Hay Fever is a term used to describe an allergic reaction involving the upper respiratory tract resulting from inhaling in an airborne allergen.
Common symptoms of the allergic reaction involve sneezing, runny nose, nasal congestion, and itchy, watery eyes. The immune system is producing these symptoms to expel the allergen (sneezing, watery eyes, and runny nose) and to prevent more of the allergen from entering the body (increase mucus production and swelling of the nasal passages).
A more accurate name for this condition is Allergic Rhinitis.
The word rhinitis comes from the root word rhino, meaning nose. Rhinitis more accurately describes the irritation of the nasal lining and the swelling of the nasal passages.
There are many different kinds of allergens that people can become allergic to. Allergic rhinitis refers to airborne allergens that are inhaled. This reference to airborne allergens can be indoors and outdoors and also includes seasonal and year-round allergens.
The season for allergies depends on the type of allergen that you are allergic to.
1.) Pollen: Pollen allergies (sometimes called pollinosis) are caused by three main types of pollen.
2.) Mold: Mold allergies are caused by the mold spores that the colony produces. The function of the spores is to reproduce for the colony just like pollen reproduces for the plants.
Hay fever lasting all year long
Indoor allergies does not have a season. The allergic reaction will occur when you come in contact with the allergen.
1.) Dust mite debris: Dust mite allergies are caused by their fecal waste matter, the cast skin (shed skin) and the decaying body parts from dead mites.
2.) Cockroach debris: Cockroach allergies are caused by the cast skin, secretions, saliva, eggs, the waste product, and parts from dead and decaying cockroaches.
3.) Pet protein: Pet allergies are caused by a protein found in the dander (skin flakes), the saliva, and the urine. Dog allergies and cat allergies are the most common.
4.) Mold Spores: Indoor mold is usually referred to as mildew.
The Allergic Reaction
Our bodies have a highly complex system called the immune system to defend against foreign invaders. Bacteria and viruses are just a few of the many outside invaders that it will seek out and destroy in the fight against infection and disease. In these instances, the antibodies work quite well.
It is not quite fully understood why the immune system will launch an attack against a harmless substance like pollen or house dust. An attack is launched by cells releasing a flood of inflammatory chemicals called allergy-mediators. Normal amounts of these chemicals do not bother us. But too much production, as in the case of an attack, causes discomfort and irritation. Symptoms develop that are known as having allergic rhinitis.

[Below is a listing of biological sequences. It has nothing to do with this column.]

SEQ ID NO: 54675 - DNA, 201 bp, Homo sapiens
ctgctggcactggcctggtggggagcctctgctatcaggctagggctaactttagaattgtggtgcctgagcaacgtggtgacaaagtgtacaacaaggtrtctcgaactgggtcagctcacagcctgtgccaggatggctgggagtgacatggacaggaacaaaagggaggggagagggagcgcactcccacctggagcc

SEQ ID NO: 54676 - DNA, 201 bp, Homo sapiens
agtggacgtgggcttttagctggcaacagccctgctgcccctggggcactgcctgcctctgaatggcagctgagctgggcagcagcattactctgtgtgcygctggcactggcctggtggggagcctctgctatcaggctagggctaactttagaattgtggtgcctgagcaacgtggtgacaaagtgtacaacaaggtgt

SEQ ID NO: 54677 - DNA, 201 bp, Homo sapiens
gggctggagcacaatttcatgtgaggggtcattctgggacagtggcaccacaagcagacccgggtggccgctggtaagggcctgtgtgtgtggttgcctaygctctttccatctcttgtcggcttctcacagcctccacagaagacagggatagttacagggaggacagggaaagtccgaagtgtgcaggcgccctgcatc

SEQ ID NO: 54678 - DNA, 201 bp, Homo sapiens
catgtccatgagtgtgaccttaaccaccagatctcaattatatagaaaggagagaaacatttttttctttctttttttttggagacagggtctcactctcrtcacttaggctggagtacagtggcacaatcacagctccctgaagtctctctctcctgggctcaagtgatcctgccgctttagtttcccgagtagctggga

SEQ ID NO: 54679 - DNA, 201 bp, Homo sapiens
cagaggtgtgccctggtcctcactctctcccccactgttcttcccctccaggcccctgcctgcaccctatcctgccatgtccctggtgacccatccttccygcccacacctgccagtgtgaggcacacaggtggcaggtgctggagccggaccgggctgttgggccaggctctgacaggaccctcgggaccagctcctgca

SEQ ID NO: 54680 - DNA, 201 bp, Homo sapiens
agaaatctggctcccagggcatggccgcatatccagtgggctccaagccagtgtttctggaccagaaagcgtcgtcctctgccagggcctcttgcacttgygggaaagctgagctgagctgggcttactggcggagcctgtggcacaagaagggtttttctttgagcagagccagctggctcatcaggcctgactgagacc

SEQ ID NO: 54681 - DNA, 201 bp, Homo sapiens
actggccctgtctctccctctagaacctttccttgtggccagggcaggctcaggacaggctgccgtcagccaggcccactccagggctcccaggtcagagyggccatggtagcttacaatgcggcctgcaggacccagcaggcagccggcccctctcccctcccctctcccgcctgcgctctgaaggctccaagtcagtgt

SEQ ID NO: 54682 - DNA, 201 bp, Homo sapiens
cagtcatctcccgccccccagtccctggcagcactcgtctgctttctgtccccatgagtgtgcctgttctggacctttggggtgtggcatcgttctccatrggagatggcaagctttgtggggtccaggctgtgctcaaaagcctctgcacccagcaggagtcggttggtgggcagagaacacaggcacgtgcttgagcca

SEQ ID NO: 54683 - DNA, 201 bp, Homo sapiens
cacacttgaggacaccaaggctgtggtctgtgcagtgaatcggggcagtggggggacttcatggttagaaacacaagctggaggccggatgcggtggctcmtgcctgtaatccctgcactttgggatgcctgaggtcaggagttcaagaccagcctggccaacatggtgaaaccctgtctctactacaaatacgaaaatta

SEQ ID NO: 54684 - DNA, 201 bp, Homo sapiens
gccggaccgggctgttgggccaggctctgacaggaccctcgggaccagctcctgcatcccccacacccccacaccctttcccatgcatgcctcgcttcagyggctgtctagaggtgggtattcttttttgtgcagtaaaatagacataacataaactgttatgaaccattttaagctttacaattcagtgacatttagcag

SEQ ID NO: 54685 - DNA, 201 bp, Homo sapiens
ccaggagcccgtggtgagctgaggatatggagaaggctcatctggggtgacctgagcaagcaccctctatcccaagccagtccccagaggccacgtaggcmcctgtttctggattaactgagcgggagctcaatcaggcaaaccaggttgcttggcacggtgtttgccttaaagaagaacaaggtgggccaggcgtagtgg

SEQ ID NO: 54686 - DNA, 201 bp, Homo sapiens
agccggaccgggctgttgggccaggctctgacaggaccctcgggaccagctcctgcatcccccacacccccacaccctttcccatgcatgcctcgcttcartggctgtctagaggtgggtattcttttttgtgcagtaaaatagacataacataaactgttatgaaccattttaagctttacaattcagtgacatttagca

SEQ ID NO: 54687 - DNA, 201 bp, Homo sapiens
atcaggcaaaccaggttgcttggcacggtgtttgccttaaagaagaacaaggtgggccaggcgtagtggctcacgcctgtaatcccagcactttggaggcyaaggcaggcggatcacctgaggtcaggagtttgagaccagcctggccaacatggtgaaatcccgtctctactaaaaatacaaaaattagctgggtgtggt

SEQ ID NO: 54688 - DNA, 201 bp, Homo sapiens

The allergic reaction can be broken down into four general steps:
STEP 1: Inhaling the allergen: There are many different particles that we inhale as we live our lives. These non-self particles are called antigens. If the foreign particle is known to cause an allergic reaction, it is called an allergen. Different types of pollen, mold spores, dust mite droppings and pet dander are all examples of known allergens that cause hay fever.
These airborne particles find the front line of defense in the nose. The body can trigger a sneeze or cough to force out the foreign object. The body can also produce more mucus which can carry the foreign particle to the back of the throat where it can be swallowed or coughed out.
If the foreign object survives this, it makes its way through the walls of the nasal passageway. It reaches the layer where B cells and T cells lie in wait for any foreign invader that made it through the body’s front line of defense.
STEP 2: Detection of the foreign object is the second step in the process. The immune system has a remarkable ability to distinguish between substances that are foreign and substances that belong to self. But here is where the immune system acts differently between people who have hay fever and people who do not. For those who do not have hay fever, these substances such as pollen, dust mite droppings, and pet dander are seen as a harmless substance. There is no need to sound an alarm. For those who have allergies, however, the immune system sees these substances as a foreign invader. The immune system reacts.
White blood cells, called B cells are signaled to begin the immune response by telling the plasma cells to produce antibodies. The type of antibodies produced in the case of hay fever is Immunoglobulin E (IgE). This is one of the distinguishing differences between immune systems that are prone to allergies and immune systems that are not. Those who have allergic rhinitis carry about 10 times as much IgE antibodies in the blood compared to those people who do not have allergic reactions.
The IgE antibody is very unique and has a very specific target. One type of IgE antibody is made for dust mites while another type would be made for cockroach allergens. Once the correct kind of IgE antibody is produced, they attach themselves onto mast cells and basophils. Mast cells are tissue cells found at the ports of entry of the body and basophils are blood cells that circulate around in the blood stream.